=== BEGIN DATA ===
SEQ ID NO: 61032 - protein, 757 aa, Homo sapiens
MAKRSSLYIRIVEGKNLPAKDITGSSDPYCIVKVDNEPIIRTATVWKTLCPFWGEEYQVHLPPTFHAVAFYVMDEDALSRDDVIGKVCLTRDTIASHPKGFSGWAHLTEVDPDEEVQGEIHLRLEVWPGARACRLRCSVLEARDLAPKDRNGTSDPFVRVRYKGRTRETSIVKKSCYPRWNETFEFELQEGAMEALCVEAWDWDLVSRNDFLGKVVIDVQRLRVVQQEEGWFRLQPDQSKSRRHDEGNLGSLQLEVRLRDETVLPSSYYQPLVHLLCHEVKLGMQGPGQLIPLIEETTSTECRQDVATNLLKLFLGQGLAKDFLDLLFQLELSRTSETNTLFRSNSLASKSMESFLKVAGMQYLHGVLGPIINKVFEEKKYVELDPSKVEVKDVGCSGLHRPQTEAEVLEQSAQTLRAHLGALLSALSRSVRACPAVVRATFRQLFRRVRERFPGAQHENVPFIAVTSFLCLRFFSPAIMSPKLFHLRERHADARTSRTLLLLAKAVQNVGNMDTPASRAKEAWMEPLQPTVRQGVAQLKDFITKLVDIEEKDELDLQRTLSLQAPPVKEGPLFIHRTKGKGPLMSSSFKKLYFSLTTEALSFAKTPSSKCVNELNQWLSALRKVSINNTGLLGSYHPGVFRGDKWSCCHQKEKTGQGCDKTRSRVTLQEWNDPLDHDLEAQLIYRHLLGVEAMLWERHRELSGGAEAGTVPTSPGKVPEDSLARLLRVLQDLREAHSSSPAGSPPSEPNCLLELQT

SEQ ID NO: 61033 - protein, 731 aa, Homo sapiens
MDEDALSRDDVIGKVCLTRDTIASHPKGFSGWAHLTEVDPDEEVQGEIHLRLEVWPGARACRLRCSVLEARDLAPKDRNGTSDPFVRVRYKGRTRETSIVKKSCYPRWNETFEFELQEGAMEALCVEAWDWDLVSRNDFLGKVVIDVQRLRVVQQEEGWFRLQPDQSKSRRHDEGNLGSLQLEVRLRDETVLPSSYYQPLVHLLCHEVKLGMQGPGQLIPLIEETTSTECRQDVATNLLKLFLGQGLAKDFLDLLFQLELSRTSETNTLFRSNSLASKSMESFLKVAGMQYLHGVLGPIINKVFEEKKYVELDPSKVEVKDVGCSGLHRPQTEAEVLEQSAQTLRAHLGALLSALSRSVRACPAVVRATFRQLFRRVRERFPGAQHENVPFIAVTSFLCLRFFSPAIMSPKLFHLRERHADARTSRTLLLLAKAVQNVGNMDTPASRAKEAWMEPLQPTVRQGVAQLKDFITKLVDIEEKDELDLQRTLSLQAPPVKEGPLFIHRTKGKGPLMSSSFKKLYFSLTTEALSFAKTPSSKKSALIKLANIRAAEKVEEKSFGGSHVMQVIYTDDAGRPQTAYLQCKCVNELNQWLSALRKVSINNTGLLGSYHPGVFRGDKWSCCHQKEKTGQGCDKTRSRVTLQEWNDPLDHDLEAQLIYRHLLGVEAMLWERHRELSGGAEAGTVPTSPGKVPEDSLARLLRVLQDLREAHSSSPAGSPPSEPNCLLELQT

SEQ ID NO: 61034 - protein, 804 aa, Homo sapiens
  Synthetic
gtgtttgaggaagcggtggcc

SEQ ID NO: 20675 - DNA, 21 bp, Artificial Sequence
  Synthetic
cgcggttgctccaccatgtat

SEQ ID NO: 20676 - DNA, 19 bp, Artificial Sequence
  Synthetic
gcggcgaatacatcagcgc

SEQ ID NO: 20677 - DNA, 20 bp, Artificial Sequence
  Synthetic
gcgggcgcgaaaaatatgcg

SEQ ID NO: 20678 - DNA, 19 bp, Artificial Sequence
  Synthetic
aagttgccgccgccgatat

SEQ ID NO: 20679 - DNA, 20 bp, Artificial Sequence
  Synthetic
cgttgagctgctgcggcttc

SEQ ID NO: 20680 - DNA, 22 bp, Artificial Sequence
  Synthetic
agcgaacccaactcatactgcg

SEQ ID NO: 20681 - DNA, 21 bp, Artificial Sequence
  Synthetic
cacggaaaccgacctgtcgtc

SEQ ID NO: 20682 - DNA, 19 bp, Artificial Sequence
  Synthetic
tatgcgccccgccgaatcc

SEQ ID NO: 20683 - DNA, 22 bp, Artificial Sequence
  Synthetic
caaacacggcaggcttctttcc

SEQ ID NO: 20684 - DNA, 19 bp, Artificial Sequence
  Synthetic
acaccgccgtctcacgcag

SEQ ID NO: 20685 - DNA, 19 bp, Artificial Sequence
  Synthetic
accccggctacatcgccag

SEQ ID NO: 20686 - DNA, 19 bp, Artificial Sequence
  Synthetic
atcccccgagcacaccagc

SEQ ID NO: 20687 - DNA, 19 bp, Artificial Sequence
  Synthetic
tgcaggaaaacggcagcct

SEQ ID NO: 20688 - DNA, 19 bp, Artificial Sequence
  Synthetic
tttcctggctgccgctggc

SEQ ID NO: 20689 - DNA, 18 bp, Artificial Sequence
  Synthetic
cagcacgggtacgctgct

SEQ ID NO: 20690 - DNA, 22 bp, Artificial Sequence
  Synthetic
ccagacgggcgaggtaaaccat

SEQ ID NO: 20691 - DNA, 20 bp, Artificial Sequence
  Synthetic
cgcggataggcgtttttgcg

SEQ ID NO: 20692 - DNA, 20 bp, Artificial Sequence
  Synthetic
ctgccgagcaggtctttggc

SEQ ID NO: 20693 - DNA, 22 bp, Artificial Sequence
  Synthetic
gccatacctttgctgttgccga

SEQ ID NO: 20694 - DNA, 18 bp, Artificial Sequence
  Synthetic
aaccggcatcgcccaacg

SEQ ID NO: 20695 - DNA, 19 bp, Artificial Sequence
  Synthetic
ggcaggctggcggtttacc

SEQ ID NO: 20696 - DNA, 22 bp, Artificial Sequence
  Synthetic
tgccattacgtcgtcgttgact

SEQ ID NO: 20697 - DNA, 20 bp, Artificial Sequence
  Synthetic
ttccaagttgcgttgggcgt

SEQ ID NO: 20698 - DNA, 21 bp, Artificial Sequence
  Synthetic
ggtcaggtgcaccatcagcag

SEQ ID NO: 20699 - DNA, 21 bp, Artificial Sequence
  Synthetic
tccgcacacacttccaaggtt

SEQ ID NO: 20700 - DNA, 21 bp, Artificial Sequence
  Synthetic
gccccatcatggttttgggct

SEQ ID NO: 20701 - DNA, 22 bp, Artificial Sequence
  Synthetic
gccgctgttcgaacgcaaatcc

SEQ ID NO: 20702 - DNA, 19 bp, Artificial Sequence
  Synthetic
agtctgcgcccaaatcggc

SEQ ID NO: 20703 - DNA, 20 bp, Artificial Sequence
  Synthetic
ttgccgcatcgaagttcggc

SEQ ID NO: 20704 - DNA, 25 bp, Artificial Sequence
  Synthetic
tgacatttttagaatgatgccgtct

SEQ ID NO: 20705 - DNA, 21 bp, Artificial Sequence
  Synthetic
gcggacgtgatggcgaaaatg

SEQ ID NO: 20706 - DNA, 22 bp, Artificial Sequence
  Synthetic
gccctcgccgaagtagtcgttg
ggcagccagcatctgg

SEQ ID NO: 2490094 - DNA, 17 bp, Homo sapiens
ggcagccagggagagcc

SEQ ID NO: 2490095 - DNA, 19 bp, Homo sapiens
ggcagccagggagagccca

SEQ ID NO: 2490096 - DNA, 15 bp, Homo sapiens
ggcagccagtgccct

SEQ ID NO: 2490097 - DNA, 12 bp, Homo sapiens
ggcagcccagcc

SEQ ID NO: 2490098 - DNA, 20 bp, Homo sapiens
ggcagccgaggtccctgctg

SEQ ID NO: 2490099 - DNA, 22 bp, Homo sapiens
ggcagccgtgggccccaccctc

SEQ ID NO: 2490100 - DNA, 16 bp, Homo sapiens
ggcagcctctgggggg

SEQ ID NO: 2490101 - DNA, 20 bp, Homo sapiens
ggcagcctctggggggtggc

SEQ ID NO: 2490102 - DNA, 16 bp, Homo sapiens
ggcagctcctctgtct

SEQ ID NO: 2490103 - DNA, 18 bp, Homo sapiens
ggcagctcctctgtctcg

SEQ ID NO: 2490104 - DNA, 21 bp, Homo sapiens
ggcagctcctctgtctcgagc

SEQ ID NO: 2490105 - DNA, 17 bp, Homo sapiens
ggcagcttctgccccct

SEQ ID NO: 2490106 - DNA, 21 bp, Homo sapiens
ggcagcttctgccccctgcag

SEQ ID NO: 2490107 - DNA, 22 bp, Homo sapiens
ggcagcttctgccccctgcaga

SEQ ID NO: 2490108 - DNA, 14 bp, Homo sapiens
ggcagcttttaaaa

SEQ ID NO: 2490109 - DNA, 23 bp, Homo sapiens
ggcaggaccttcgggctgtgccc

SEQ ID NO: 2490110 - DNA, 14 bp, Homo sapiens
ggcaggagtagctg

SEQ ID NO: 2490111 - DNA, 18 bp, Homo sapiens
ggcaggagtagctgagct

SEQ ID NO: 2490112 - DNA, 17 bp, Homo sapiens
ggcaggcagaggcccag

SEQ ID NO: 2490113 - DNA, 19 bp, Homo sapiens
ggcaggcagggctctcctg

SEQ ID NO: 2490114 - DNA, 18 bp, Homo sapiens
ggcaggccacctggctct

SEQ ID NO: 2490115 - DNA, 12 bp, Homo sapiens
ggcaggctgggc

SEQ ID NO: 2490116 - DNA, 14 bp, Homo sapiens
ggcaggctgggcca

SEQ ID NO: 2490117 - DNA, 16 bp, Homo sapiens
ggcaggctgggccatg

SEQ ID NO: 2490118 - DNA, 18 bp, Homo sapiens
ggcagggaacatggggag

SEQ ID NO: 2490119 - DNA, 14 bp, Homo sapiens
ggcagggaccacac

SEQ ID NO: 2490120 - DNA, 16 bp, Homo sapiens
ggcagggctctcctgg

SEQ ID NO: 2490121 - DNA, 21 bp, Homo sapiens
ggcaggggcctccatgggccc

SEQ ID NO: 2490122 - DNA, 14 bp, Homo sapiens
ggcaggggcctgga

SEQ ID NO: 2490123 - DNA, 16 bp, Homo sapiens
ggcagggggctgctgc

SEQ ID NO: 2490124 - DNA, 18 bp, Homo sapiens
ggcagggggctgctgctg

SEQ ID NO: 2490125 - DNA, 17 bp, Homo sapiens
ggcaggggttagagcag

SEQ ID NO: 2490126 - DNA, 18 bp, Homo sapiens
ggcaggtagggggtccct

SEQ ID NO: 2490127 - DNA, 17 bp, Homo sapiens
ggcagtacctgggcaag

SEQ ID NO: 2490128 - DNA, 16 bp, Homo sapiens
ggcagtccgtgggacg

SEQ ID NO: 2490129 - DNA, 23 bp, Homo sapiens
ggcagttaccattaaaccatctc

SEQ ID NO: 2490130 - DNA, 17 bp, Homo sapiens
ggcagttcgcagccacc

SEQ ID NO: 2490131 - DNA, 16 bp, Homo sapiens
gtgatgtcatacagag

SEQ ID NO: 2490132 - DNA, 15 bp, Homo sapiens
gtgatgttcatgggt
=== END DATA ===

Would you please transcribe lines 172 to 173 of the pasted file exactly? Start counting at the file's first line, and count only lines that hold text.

ggcagtacctgggcaag

SEQ ID NO: 2490128 - DNA, 16 bp, Homo sapiens